Analysis: The distressing journey of an Afghan family to Canada

TORONTO – As Canadians, we think we understand words like “relief” and “joy” – but we really can’t understand those words on the same level as people who have experienced the opposite.

Sometimes, as journalists, we can witness something that stays with us forever. Thursday night was one of those moments.

The Hussaini family recently arrived in Edmonton, Alta., After a quarantine period in Toronto. They avoided terrible suffering in Afghanistan. Like many, they despair of leaving the retaliated Taliban regime.

They were probably exhausted, physically and mentally, but they certainly didn’t show that.

When they met us, they had smiles and pandemic-appropriate punches. And Beazhan Hussaini, the only family member fluent in English, had the chic mood of a person who had just woken up, showered and met a friend for coffee.

They allowed us to, in fact, invite ourselves, to come with them to surprise their sister Nafesa, whom they had not seen in person for 11 years. She has lived in Edmonton for the past two decades.

When they knocked on that door, and she opened it, I think it’s safe to say that me and videographer Chad Tweten both had to force a few blinks to keep our eyes dry.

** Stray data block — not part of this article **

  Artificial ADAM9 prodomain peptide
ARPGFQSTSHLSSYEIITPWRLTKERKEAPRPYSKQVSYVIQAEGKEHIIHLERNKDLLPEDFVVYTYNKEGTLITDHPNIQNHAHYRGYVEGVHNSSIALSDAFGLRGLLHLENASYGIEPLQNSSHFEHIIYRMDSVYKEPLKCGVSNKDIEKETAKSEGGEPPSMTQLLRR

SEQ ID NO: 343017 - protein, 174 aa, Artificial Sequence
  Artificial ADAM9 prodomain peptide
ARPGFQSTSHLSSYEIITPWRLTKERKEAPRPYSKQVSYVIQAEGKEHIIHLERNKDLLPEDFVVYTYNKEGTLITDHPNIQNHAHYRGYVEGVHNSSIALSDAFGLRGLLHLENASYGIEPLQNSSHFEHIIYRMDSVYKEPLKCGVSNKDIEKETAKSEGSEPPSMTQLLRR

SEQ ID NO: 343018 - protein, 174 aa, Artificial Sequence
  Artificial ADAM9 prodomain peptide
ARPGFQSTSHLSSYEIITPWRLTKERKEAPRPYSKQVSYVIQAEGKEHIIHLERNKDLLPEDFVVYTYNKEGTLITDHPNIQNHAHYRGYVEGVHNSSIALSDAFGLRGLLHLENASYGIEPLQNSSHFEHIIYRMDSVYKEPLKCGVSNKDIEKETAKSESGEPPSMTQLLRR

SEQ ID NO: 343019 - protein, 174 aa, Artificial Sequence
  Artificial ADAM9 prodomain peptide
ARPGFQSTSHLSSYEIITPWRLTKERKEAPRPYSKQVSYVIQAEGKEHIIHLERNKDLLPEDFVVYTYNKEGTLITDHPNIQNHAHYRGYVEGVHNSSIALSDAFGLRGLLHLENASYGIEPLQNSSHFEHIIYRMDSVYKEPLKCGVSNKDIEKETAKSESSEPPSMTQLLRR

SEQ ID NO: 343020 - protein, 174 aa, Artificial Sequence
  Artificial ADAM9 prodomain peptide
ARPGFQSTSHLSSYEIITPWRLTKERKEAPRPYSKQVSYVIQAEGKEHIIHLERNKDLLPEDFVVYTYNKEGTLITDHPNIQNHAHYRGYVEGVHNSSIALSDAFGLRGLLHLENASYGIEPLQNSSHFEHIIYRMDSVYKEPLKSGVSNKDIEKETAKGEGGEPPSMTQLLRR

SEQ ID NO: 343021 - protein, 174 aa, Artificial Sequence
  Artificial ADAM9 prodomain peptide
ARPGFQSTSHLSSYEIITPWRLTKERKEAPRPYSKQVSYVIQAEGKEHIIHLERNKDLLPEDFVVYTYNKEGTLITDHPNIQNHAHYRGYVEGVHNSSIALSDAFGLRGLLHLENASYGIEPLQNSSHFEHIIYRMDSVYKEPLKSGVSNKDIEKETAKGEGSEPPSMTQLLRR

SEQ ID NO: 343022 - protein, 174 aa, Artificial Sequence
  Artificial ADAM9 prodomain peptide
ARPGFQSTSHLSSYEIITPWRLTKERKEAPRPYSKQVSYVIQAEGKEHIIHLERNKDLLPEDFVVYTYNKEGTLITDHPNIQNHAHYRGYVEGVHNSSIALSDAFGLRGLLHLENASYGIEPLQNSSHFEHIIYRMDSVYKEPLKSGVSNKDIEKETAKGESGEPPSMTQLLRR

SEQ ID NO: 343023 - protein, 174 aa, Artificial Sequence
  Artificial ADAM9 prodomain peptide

The cry we heard from Nafesa was one of the happiest sounds I have ever heard. I will never forget that sound.

The next three minutes of video show raw emotion. I’ve watched it several times, and will probably watch it a few more. It’s a beautiful moment that we can all relate to, but most of us won’t be able to fully understand.

Here in Canada, Nafesa watched the news last August when the Taliban quickly and cruelly retook Kabul and the rest of Afghanistan after the United States and other countries withdrew their troops. She worried about Beazhan and the rest of her family.

Thursday night, we witnessed the moment that anxiety could rise. And it was palpable.

And then, there is the happiness on the other side. Beazhan, his wife and mother, his two brothers and brothers-in-law, and his nieces and nephews have experienced suffering for the past three months.

They watched their city and their country fall into the hands of a repressive regime. They felt their lives were in danger, and the women and girls saw their freedoms taken away.

Their tears, and their words on Thursday night — even the words in farce that I could not understand — did not need any translation. They were happy to be here. And it was impossible to see that, and not to feel it either.

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